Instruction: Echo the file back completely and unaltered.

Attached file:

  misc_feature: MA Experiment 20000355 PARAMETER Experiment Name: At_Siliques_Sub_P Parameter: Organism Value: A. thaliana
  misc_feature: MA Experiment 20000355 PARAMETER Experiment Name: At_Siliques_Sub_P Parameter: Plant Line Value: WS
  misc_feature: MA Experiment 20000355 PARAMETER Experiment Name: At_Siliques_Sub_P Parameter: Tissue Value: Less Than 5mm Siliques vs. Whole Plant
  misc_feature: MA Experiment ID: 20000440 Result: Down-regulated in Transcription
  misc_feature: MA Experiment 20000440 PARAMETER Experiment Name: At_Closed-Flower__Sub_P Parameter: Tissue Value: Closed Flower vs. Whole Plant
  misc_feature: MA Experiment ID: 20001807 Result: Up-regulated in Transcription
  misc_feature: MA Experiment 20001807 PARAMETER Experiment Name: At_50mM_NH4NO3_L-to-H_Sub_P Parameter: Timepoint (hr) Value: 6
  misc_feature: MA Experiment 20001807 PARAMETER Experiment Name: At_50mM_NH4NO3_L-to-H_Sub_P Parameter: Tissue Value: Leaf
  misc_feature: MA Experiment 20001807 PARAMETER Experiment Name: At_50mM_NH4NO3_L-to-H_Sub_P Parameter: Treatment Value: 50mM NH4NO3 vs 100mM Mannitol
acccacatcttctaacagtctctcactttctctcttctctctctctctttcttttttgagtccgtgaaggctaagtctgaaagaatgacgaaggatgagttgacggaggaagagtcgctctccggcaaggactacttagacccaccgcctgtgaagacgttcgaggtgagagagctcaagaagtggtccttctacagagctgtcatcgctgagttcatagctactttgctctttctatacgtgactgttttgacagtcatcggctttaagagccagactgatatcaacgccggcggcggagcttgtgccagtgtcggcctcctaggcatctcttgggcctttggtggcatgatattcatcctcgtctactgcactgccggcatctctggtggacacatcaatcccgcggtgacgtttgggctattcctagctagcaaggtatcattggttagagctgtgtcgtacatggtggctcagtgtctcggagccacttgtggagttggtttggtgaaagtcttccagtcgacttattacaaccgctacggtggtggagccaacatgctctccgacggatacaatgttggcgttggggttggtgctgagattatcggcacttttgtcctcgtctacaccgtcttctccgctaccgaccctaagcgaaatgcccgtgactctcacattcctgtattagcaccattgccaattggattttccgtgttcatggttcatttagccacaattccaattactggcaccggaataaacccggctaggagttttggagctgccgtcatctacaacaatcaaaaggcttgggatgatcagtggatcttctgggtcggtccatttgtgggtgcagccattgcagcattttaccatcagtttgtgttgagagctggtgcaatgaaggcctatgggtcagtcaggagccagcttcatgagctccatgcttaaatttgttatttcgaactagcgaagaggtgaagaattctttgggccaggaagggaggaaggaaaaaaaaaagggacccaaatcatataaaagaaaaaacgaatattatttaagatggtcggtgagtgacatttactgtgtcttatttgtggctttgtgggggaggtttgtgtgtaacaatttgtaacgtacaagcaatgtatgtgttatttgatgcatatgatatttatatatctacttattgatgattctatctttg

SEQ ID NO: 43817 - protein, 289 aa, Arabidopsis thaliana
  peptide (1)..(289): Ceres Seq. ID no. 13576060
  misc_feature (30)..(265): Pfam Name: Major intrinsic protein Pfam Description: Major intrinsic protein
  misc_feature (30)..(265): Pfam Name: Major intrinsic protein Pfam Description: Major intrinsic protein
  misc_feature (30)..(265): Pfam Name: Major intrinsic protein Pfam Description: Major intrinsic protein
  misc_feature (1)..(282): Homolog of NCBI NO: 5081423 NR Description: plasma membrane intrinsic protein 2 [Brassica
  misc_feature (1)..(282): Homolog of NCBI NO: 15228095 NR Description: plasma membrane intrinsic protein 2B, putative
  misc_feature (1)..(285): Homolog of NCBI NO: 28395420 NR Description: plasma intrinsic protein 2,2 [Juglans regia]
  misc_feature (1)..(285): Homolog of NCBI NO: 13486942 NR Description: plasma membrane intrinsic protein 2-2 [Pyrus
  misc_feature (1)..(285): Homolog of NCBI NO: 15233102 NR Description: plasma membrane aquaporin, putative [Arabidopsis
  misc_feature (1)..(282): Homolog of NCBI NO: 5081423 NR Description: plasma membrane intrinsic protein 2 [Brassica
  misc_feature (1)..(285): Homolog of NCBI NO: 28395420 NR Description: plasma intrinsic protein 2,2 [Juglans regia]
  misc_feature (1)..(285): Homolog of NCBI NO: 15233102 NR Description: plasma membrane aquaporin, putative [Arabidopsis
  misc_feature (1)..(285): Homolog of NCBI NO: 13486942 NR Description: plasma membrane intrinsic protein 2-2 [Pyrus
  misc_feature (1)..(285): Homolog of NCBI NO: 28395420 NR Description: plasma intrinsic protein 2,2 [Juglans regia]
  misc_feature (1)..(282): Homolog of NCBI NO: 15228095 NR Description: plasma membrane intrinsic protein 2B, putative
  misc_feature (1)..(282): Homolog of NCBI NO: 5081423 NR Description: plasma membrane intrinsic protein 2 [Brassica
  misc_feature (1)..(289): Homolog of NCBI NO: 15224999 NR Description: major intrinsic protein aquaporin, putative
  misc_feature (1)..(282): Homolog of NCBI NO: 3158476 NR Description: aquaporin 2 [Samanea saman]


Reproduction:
  misc_feature: MA Experiment 20000355 PARAMETER Experiment Name: At_Siliques_Sub_P Parameter: Organism Value: A. thaliana
  misc_feature: MA Experiment 20000355 PARAMETER Experiment Name: At_Siliques_Sub_P Parameter: Plant Line Value: WS
  misc_feature: MA Experiment 20000355 PARAMETER Experiment Name: At_Siliques_Sub_P Parameter: Tissue Value: Less Than 5mm Siliques vs. Whole Plant
  misc_feature: MA Experiment ID: 20000440 Result: Down-regulated in Transcription
  misc_feature: MA Experiment 20000440 PARAMETER Experiment Name: At_Closed-Flower__Sub_P Parameter: Tissue Value: Closed Flower vs. Whole Plant
  misc_feature: MA Experiment ID: 20001807 Result: Up-regulated in Transcription
  misc_feature: MA Experiment 20001807 PARAMETER Experiment Name: At_50mM_NH4NO3_L-to-H_Sub_P Parameter: Timepoint (hr) Value: 6
  misc_feature: MA Experiment 20001807 PARAMETER Experiment Name: At_50mM_NH4NO3_L-to-H_Sub_P Parameter: Tissue Value: Leaf
  misc_feature: MA Experiment 20001807 PARAMETER Experiment Name: At_50mM_NH4NO3_L-to-H_Sub_P Parameter: Treatment Value: 50mM NH4NO3 vs 100mM Mannitol
acccacatcttctaacagtctctcactttctctcttctctctctctctttcttttttgagtccgtgaaggctaagtctgaaagaatgacgaaggatgagttgacggaggaagagtcgctctccggcaaggactacttagacccaccgcctgtgaagacgttcgaggtgagagagctcaagaagtggtccttctacagagctgtcatcgctgagttcatagctactttgctctttctatacgtgactgttttgacagtcatcggctttaagagccagactgatatcaacgccggcggcggagcttgtgccagtgtcggcctcctaggcatctcttgggcctttggtggcatgatattcatcctcgtctactgcactgccggcatctctggtggacacatcaatcccgcggtgacgtttgggctattcctagctagcaaggtatcattggttagagctgtgtcgtacatggtggctcagtgtctcggagccacttgtggagttggtttggtgaaagtcttccagtcgacttattacaaccgctacggtggtggagccaacatgctctccgacggatacaatgttggcgttggggttggtgctgagattatcggcacttttgtcctcgtctacaccgtcttctccgctaccgaccctaagcgaaatgcccgtgactctcacattcctgtattagcaccattgccaattggattttccgtgttcatggttcatttagccacaattccaattactggcaccggaataaacccggctaggagttttggagctgccgtcatctacaacaatcaaaaggcttgggatgatcagtggatcttctgggtcggtccatttgtgggtgcagccattgcagcattttaccatcagtttgtgttgagagctggtgcaatgaaggcctatgggtcagtcaggagccagcttcatgagctccatgcttaaatttgttatttcgaactagcgaagaggtgaagaattctttgggccaggaagggaggaaggaaaaaaaaaagggacccaaatcatataaaagaaaaaacgaatattatttaagatggtcggtgagtgacatttactgtgtcttatttgtggctttgtgggggaggtttgtgtgtaacaatttgtaacgtacaagcaatgtatgtgttatttgatgcatatgatatttatatatctacttattgatgattctatctttg

SEQ ID NO: 43817 - protein, 289 aa, Arabidopsis thaliana
  peptide (1)..(289): Ceres Seq. ID no. 13576060
  misc_feature (30)..(265): Pfam Name: Major intrinsic protein Pfam Description: Major intrinsic protein
  misc_feature (30)..(265): Pfam Name: Major intrinsic protein Pfam Description: Major intrinsic protein
  misc_feature (30)..(265): Pfam Name: Major intrinsic protein Pfam Description: Major intrinsic protein
  misc_feature (1)..(282): Homolog of NCBI NO: 5081423 NR Description: plasma membrane intrinsic protein 2 [Brassica
  misc_feature (1)..(282): Homolog of NCBI NO: 15228095 NR Description: plasma membrane intrinsic protein 2B, putative
  misc_feature (1)..(285): Homolog of NCBI NO: 28395420 NR Description: plasma intrinsic protein 2,2 [Juglans regia]
  misc_feature (1)..(285): Homolog of NCBI NO: 13486942 NR Description: plasma membrane intrinsic protein 2-2 [Pyrus
  misc_feature (1)..(285): Homolog of NCBI NO: 15233102 NR Description: plasma membrane aquaporin, putative [Arabidopsis
  misc_feature (1)..(282): Homolog of NCBI NO: 5081423 NR Description: plasma membrane intrinsic protein 2 [Brassica
  misc_feature (1)..(285): Homolog of NCBI NO: 28395420 NR Description: plasma intrinsic protein 2,2 [Juglans regia]
  misc_feature (1)..(285): Homolog of NCBI NO: 15233102 NR Description: plasma membrane aquaporin, putative [Arabidopsis
  misc_feature (1)..(285): Homolog of NCBI NO: 13486942 NR Description: plasma membrane intrinsic protein 2-2 [Pyrus
  misc_feature (1)..(285): Homolog of NCBI NO: 28395420 NR Description: plasma intrinsic protein 2,2 [Juglans regia]
  misc_feature (1)..(282): Homolog of NCBI NO: 15228095 NR Description: plasma membrane intrinsic protein 2B, putative
  misc_feature (1)..(282): Homolog of NCBI NO: 5081423 NR Description: plasma membrane intrinsic protein 2 [Brassica
  misc_feature (1)..(289): Homolog of NCBI NO: 15224999 NR Description: major intrinsic protein aquaporin, putative
  misc_feature (1)..(282): Homolog of NCBI NO: 3158476 NR Description: aquaporin 2 [Samanea saman]